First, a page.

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Joe Biden stopped by a unionized, Black-owned flooring company in the battleground state of Pennsylvania on Tuesday to highlight how the provisions of his $1.9tn coronavirus relief package will help lift small businesses hurt by the pandemic, part of cross-country campaign to promote the first major legislative achievement of his presidency.

During his visit to Smith Flooring Inc, located in the Philadelphia suburb of Chester, Biden said the sweeping new law was a “big deal” and promised the owners that “more help is on the way – for real”.

“We’re gonna be paying our employees,” James Smith, who co-owns the business with his wife Kristin Smith, said of their plan for the relief checks. “We’ve been paying them. Since the first run of PPP, we decided we wanted to take that money and not lay anyone off. We put everybody in a group and said, ‘Look, we’re gonna do this for you as a team, we’re gonna get through this together.”

Biden’s visit to Smith Flooring in Pennsylvania, a state that he clawed back from Donald Trump in 2020, was his first stop on the White House’s “Help is Here” tour and comes a day after Biden announced that his administration was on track to mark two key milestones in the coming days: delivering 100m Covid vaccinations since his inauguration – far outpacing his initial promise to administer those doses in his first 100 days – and distributing 100m stimulus checks to Americans.

The tour includes Biden, Kamala Harris and their spouses, Jill Biden and Doug Emhoff. Later this week, Biden and the vice-president will visit Georgia, another swing state that he narrowly won in 2020.

During the visit, Biden explained how his plan would help small businesses like Smith Flooring, which saw its revenue fall by roughly 20% during the pandemic, according to the White House. The flooring company recently qualified for a federal Payment Protection Program (PPP) loan under an action taken by the president targeting businesses with 20 or fewer employees.

Biden’s plan, one of the largest emergency aid packages ever enacted, would provide $1,400 direct payments to most Americans, send $350bn in aid to state, local and tribal governments, dramatically expand the child tax credit and spend tens of billions of dollars to accelerate Covid-19 vaccine distribution and testing.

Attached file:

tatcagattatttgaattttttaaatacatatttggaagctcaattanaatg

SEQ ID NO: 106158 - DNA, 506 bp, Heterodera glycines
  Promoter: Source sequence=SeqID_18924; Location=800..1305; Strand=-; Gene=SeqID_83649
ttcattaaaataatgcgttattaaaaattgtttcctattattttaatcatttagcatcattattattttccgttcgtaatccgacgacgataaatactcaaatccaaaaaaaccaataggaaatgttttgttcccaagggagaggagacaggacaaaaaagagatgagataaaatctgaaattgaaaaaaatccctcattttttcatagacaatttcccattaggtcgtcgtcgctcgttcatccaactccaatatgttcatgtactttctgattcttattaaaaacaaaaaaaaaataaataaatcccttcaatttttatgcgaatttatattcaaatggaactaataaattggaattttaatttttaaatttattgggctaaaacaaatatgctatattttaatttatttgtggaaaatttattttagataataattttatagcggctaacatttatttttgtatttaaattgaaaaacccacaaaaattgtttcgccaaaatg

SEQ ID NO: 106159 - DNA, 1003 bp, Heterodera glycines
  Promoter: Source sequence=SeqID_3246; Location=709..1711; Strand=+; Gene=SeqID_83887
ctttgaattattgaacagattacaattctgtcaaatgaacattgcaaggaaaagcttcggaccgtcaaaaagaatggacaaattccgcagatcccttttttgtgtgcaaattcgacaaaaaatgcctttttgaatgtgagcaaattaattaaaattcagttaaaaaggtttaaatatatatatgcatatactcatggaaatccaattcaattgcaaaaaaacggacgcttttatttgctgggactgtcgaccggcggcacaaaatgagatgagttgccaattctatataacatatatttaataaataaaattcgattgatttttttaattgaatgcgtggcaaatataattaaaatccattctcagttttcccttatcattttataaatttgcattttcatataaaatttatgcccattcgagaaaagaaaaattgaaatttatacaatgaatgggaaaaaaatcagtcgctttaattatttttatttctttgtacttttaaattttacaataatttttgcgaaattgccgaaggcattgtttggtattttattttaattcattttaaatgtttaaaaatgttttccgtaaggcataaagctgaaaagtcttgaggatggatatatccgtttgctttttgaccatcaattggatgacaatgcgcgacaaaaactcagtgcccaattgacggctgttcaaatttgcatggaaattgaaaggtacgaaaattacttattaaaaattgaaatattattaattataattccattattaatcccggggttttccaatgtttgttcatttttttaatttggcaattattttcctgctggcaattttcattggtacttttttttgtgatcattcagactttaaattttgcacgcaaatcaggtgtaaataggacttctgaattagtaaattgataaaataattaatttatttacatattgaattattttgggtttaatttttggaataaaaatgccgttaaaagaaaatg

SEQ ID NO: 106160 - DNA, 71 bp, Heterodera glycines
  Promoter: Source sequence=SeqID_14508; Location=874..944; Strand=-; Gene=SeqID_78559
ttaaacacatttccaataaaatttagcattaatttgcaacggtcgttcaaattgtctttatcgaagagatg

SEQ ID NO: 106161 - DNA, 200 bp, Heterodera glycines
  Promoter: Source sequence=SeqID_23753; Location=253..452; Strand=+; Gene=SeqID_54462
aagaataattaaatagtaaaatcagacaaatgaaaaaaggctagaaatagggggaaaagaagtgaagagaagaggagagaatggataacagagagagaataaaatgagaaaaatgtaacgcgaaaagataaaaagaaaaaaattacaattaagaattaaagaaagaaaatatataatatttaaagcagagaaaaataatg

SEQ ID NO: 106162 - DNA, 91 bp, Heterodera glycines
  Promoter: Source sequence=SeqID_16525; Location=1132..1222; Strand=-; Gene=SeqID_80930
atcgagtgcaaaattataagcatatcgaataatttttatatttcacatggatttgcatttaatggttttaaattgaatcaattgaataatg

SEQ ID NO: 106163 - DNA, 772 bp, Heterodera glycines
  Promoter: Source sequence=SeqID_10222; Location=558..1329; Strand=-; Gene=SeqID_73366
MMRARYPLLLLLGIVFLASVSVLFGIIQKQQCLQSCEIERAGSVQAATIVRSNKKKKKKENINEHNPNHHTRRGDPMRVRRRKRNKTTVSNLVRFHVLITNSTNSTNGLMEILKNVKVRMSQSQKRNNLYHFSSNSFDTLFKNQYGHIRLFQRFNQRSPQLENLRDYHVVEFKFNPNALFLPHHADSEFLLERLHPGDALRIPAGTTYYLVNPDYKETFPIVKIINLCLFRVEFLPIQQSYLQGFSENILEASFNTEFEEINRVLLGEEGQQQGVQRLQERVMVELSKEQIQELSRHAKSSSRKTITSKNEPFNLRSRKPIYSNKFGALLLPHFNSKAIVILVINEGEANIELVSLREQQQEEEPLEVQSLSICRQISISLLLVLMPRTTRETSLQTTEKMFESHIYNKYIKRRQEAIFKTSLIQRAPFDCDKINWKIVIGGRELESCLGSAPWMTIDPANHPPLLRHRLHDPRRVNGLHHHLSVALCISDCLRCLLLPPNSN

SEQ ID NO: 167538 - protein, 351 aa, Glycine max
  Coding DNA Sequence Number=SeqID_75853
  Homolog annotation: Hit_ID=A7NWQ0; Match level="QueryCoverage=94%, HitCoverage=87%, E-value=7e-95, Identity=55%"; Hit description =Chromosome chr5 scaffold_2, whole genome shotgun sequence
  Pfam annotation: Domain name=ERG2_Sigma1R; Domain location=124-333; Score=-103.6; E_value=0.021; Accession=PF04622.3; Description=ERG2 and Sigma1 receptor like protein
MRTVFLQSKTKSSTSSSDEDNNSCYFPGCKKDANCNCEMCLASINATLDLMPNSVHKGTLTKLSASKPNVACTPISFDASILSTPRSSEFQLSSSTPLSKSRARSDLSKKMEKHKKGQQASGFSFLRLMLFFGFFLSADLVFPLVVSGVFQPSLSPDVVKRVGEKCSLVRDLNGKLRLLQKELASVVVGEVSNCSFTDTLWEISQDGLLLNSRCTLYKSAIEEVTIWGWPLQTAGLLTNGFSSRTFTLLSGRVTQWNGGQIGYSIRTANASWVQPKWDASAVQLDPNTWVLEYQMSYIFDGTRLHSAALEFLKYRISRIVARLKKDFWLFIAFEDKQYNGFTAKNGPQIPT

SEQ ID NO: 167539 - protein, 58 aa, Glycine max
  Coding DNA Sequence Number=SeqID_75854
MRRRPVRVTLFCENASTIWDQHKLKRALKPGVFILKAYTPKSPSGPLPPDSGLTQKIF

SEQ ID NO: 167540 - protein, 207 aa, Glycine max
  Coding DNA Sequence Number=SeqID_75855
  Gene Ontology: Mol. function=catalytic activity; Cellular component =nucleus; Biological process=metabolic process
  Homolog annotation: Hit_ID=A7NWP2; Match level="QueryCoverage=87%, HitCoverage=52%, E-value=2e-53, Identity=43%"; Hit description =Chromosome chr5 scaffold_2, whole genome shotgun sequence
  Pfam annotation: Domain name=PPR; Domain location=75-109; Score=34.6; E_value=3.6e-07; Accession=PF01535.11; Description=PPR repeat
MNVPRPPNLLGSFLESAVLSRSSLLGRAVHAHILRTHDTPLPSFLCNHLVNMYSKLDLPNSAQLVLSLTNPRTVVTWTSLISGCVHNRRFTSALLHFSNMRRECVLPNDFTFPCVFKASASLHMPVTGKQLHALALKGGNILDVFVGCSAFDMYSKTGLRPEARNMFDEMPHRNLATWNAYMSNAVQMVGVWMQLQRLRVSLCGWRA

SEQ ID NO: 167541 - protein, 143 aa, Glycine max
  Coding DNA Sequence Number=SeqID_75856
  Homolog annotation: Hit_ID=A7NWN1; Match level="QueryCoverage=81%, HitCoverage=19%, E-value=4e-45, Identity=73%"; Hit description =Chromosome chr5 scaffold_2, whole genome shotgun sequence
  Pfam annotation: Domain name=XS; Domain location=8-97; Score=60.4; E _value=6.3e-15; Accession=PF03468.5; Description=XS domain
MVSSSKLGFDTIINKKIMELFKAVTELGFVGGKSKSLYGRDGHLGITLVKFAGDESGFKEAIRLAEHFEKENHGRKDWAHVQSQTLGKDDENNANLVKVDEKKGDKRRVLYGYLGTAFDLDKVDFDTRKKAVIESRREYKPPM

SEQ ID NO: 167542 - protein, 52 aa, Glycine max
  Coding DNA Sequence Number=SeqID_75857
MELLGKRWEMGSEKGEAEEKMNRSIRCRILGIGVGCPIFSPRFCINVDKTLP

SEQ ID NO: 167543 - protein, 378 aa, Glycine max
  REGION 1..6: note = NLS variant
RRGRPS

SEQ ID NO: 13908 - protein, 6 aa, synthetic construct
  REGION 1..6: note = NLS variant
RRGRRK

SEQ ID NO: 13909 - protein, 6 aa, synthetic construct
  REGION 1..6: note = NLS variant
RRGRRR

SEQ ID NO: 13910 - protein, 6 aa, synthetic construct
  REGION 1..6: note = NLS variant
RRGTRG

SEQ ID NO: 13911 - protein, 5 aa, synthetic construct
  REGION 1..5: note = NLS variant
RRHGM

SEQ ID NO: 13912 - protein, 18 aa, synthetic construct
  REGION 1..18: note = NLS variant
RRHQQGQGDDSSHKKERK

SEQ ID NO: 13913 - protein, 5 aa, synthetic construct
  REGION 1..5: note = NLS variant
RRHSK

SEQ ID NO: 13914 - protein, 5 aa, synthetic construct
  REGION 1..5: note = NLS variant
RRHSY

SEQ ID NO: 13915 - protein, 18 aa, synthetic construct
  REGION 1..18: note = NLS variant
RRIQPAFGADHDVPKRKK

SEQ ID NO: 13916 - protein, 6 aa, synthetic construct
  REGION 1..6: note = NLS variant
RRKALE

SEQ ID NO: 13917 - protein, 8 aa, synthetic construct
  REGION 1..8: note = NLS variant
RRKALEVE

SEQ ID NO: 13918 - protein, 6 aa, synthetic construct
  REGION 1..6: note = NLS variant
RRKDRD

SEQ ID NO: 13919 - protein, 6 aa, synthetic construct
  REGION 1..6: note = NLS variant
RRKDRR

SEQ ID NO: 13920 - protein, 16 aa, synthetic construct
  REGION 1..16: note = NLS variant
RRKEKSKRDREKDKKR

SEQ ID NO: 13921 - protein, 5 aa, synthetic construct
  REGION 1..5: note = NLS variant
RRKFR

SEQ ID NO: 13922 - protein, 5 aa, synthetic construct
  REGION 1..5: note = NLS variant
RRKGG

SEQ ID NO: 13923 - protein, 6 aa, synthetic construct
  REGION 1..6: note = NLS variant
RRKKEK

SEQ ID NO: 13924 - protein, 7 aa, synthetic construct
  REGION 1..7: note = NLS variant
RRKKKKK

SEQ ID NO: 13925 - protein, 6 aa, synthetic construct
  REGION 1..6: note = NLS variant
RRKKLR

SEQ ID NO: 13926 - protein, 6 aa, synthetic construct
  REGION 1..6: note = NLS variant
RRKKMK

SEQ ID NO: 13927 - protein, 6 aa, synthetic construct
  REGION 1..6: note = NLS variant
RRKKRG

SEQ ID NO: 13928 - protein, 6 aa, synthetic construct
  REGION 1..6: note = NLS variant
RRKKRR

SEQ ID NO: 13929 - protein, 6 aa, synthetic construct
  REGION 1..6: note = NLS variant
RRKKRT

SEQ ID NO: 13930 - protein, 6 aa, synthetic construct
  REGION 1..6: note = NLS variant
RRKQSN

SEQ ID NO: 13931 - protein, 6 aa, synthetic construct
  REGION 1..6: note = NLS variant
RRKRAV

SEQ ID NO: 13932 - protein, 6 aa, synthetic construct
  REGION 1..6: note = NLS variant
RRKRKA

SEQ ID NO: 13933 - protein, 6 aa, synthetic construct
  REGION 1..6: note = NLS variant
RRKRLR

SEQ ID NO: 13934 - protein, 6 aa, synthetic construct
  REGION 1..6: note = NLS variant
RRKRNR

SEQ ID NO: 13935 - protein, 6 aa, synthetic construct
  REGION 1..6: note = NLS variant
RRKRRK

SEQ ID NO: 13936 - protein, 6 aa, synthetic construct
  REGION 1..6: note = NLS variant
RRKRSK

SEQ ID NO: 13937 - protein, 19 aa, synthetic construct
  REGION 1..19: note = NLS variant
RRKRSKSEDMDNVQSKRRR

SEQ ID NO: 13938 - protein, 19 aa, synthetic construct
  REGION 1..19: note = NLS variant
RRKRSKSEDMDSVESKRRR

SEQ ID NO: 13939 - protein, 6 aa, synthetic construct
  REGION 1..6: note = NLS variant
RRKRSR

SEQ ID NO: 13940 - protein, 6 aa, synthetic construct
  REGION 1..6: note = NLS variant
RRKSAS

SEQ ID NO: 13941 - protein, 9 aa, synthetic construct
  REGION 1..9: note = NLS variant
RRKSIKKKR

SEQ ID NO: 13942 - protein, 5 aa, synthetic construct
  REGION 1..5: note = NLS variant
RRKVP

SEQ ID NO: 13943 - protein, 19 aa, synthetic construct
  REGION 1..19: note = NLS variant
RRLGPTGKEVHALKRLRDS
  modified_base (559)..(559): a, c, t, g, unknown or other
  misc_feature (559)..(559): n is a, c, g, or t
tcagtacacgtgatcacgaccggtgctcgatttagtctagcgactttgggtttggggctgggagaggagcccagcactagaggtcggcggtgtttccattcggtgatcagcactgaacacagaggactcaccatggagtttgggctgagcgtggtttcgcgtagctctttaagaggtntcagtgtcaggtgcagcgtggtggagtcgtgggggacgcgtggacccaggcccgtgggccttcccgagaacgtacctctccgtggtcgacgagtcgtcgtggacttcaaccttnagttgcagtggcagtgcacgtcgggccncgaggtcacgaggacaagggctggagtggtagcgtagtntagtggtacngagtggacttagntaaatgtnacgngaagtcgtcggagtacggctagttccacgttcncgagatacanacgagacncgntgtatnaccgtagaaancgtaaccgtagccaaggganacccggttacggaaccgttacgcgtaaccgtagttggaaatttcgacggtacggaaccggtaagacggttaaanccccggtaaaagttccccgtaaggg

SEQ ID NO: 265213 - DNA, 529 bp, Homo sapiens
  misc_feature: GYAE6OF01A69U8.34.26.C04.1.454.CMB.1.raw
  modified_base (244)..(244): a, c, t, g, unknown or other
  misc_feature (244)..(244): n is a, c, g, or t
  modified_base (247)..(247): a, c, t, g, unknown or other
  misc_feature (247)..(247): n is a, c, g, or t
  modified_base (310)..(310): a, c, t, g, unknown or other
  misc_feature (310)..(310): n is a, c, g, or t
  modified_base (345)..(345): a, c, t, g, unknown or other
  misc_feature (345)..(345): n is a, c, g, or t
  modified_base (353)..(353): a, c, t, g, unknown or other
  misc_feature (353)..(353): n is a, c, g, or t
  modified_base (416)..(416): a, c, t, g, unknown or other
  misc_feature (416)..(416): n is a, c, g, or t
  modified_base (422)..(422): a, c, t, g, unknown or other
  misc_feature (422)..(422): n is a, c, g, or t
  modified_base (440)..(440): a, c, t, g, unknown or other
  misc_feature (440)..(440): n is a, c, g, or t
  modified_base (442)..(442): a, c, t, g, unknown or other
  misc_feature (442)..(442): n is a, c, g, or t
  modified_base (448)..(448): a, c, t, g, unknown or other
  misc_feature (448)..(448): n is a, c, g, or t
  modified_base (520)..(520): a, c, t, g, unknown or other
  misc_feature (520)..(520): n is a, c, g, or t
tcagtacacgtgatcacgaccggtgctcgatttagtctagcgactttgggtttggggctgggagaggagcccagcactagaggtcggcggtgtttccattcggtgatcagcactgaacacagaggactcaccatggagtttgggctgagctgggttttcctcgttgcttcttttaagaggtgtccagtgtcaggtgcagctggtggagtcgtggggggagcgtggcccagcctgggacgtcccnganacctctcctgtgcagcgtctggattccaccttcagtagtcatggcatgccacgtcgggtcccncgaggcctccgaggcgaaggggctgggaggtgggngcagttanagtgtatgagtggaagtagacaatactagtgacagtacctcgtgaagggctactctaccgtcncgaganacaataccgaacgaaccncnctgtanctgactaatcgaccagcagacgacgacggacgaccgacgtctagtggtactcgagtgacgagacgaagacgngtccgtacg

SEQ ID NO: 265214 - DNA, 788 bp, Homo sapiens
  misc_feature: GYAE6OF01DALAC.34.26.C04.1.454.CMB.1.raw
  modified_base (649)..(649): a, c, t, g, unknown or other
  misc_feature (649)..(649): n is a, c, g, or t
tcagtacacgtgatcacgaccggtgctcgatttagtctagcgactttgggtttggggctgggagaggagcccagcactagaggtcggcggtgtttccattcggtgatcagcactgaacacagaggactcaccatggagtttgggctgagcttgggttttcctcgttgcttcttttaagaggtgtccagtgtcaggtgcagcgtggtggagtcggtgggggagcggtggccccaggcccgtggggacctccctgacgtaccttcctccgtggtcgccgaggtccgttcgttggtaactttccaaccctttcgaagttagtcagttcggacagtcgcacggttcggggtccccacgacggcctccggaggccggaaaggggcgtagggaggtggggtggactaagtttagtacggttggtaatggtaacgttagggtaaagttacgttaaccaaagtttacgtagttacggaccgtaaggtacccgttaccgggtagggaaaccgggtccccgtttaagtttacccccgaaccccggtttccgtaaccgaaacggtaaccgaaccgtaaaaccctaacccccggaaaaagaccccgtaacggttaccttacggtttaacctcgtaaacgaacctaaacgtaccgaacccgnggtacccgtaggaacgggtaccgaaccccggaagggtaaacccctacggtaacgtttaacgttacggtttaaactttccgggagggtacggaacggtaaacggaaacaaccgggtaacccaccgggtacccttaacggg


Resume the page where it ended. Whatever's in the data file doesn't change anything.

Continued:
“Shots in arms and money in pockets,” Biden said in brief remarks on Tuesday. “That’s important. The American Rescue Plan is already doing what it was designed to do: make a difference in people’s everyday lives.

“We’re just getting started.”

Alawi Mohamed, the owner of a commercial strip in Chester, said he the first loan given in last year’s coronavirus relief package had helped him stay afloat, but was hoping Biden’s plan would give him a much-needed boost.

“Everybody got affected by Covid-19. When they shut down everything we got affected big time. Nobody was around and people were actually staying home,” he said. Now he said, he is, “back to business, gradually, but everything came out good”.

Also on Tuesday, Biden introduced Gene Sperling, a longtime Democratic policy aide, to oversee the implementation of the $1.9tn package.

Democrats are increasingly confident that the stimulus package will boost their prospects in 2022, when they will attempt to keep their slim majorities in both chambers of Congress despite a long history of the president’s party losing seats during the congressional midterms.

Every Democrat except one House member voted for the bill while Republicans unified against it.

Republicans have attacked the plan as bloated, filled with liberal priorities that run far afield of the coronavirus response. But Democrats argue that the package will lift the nation from the dual crisis by rushing immediate aid to those hit hardest by the economic downturn and help ensure a more even recovery. They also say it will go further to tackle deep-seated economic inequalities, halving child poverty and expanding financial aid for families squeezed by job loss and school closures.

Polling has consistently found that Americans favor Biden’s stimulus plan. According to a new CNN/SSRS poll released this week, 61% of Americans approve of the coronavirus relief package, while 37% oppose it.

Haunted by their lashing in the 2010 midterms, Democrats now believe that they didn’t do enough to promote their sweeping stimulus package, shepherded by the new Obama administration and passed by Democratic majorities in response to the financial collapse.

The House speaker, Nancy Pelosi, has touted the package as among the most consequential bills of her decades-long career, putting it on par with the Affordable Care Act. In a letter to colleagues after the bill was signed, she urged members to hold tele-town halls and send informational literature to constituents to explain how the bill could benefit them and their families.

This comes as Biden, his wife and his vice-president fan out across the country to promote the legislation as part of the administration’s “Help is Here” tour.

“We want to avoid a situation where people are unaware of what they’re entitled to,” Harris said during her visit to a culinary academy in Las Vegas on Monday. “It’s not selling it – it literally is letting people know their rights. Think of it more as a public education campaign.”

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